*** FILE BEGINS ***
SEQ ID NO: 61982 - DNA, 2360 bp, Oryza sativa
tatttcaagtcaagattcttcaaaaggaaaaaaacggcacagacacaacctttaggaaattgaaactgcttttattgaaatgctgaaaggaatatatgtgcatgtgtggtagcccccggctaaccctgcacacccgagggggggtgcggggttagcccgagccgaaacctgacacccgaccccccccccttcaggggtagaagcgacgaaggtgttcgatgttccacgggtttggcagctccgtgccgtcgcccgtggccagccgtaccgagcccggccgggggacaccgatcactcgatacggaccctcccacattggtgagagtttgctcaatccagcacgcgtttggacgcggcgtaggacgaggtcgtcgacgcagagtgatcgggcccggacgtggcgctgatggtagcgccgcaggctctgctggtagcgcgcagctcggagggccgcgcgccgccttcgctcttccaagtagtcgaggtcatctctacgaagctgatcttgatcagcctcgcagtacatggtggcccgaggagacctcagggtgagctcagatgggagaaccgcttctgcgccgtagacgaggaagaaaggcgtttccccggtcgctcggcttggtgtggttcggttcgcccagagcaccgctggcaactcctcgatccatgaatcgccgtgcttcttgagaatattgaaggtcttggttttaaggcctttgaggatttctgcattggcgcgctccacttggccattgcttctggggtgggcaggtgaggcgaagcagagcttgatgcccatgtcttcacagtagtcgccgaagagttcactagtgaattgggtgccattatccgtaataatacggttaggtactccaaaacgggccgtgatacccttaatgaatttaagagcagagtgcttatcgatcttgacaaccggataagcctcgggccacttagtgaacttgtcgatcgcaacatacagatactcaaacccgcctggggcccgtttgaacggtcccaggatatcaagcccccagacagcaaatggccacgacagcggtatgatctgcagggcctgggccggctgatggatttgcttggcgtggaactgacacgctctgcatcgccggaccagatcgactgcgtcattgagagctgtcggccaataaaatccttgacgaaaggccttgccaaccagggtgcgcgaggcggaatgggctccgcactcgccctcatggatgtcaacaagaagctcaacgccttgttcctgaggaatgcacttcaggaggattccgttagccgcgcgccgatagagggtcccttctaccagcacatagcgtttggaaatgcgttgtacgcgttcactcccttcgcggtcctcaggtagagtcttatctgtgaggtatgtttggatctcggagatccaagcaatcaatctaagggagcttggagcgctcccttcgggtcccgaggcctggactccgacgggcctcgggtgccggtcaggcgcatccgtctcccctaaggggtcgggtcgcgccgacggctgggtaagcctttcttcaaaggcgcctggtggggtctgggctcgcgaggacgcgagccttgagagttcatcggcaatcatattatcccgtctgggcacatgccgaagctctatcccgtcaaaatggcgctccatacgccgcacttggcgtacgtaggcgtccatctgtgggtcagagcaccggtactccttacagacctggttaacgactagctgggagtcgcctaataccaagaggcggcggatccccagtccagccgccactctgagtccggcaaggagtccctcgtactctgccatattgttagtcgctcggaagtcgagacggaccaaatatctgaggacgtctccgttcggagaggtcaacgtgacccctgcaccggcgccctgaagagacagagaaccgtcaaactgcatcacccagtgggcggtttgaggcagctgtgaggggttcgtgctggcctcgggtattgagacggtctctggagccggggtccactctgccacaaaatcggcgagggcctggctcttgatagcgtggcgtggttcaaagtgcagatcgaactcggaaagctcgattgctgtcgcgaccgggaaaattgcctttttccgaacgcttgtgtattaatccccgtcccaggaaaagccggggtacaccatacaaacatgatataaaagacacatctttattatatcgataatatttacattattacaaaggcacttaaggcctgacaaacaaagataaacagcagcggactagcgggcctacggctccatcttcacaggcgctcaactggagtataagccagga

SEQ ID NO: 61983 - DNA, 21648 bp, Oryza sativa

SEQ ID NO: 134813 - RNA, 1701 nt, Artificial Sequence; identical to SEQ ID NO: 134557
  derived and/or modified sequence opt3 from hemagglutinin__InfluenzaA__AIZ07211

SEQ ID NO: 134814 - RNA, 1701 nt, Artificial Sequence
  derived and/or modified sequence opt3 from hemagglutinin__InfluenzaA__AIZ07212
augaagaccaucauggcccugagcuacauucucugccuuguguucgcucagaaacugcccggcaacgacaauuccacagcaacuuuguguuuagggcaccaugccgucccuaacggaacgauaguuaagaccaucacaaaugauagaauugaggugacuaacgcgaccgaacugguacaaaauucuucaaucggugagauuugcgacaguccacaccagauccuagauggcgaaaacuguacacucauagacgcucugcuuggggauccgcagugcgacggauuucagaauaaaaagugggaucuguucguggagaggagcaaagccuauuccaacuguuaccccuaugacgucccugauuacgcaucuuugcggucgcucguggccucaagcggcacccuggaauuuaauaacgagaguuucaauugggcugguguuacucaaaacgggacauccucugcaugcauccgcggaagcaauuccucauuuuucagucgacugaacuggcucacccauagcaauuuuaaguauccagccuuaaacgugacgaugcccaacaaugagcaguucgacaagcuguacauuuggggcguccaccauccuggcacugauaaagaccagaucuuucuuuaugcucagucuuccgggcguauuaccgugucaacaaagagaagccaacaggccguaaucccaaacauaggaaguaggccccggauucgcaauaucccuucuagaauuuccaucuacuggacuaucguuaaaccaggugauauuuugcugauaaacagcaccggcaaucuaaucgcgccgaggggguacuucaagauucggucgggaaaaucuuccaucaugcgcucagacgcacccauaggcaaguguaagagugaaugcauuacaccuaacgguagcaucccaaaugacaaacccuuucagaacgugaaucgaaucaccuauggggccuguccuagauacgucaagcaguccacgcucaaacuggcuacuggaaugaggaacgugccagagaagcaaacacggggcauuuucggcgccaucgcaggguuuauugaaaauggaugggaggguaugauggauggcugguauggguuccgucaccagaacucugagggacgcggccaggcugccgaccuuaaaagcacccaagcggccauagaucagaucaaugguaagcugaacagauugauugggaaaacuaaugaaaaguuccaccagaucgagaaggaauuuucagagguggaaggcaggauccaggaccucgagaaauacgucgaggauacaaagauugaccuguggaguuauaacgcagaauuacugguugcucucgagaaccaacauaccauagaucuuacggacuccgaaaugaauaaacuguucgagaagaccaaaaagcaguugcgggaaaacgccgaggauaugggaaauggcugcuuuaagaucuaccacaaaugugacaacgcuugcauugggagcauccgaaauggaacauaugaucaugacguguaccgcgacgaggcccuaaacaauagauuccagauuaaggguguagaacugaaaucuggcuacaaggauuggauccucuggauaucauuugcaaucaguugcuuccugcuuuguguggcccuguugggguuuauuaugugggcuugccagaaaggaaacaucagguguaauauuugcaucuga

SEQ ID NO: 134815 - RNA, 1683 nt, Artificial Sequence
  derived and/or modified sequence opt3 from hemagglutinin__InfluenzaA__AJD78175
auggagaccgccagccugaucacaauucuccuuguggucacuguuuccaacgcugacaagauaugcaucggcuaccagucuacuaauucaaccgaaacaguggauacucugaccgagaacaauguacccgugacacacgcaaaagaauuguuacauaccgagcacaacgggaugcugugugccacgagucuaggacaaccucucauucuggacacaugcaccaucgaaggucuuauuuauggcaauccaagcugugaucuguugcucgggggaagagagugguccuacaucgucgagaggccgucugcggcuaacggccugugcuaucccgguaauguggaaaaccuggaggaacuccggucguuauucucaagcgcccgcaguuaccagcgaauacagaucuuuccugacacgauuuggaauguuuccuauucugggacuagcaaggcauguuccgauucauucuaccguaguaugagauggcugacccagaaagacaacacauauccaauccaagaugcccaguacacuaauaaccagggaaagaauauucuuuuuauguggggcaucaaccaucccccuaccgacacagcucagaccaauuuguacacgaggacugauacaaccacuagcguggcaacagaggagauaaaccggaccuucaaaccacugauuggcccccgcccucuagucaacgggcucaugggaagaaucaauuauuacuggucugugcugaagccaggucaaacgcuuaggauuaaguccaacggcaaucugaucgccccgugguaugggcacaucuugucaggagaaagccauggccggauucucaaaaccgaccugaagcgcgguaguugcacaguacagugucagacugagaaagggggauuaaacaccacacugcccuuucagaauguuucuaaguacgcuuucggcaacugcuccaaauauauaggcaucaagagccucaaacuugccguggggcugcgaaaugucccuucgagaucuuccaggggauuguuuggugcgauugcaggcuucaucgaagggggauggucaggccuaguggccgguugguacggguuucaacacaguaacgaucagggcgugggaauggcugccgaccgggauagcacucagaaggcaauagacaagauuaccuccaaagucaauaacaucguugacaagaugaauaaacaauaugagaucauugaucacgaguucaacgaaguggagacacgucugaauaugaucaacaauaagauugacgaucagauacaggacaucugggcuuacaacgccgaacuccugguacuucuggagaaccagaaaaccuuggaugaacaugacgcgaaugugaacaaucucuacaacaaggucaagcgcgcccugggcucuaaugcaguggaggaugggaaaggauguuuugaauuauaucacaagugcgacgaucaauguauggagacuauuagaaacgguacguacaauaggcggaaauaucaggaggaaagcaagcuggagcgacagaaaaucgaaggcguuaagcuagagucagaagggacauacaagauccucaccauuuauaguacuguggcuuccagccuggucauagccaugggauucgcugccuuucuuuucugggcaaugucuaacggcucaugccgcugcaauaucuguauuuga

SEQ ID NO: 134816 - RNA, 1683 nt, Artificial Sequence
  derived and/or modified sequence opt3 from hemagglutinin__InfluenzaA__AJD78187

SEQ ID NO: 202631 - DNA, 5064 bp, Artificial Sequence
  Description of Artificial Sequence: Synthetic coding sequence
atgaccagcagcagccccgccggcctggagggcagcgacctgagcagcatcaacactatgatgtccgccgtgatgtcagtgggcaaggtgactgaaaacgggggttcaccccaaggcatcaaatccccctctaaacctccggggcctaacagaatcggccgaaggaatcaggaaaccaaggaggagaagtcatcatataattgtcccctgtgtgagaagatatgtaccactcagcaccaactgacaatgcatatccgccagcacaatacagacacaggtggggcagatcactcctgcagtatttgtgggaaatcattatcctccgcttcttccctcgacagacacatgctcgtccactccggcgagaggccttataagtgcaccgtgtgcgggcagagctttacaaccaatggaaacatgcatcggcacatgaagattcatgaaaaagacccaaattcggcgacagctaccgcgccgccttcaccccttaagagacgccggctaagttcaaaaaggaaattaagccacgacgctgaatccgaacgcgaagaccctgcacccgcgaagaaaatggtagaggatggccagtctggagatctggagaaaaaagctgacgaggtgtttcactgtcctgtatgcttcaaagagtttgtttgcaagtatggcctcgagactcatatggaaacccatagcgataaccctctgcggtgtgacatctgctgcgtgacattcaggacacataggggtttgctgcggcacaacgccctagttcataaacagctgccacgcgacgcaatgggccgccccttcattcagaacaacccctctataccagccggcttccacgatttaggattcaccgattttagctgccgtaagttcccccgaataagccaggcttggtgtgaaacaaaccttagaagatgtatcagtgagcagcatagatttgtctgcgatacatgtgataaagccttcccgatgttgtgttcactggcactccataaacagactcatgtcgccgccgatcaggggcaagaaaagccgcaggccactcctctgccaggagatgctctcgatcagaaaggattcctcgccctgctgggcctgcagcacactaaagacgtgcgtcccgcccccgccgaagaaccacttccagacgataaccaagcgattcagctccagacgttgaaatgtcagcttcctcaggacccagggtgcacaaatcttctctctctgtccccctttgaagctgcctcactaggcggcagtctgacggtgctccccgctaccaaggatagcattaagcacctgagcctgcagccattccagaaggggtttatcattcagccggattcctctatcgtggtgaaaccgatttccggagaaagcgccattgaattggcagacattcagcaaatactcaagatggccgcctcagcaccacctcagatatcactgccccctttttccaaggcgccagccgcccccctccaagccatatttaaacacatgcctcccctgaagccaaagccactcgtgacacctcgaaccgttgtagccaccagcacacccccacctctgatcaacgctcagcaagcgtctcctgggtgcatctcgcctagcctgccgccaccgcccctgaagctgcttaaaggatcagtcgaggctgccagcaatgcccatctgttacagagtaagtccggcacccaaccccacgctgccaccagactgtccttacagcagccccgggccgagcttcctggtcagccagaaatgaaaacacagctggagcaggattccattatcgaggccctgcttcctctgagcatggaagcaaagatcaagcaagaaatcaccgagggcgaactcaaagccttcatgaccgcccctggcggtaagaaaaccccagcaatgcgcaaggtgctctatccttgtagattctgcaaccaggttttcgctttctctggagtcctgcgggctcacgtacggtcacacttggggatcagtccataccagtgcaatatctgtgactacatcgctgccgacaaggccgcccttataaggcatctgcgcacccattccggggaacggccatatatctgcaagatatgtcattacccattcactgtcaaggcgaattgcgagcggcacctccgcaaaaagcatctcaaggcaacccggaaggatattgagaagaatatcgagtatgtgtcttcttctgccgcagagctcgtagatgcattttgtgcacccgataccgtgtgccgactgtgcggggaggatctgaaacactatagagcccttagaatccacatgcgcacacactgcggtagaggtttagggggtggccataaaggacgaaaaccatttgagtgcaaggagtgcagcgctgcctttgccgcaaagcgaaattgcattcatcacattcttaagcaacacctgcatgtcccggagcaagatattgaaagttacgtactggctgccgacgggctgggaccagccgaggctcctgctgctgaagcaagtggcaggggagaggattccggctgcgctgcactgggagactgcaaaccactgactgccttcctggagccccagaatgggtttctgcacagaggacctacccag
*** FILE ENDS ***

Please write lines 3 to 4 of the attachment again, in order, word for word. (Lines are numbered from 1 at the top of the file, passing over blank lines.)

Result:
SEQ ID NO: 61983 - DNA, 21648 bp, Oryza sativa

SEQ ID NO: 134813 - RNA, 1701 nt, Artificial Sequence; identical to SEQ ID NO: 134557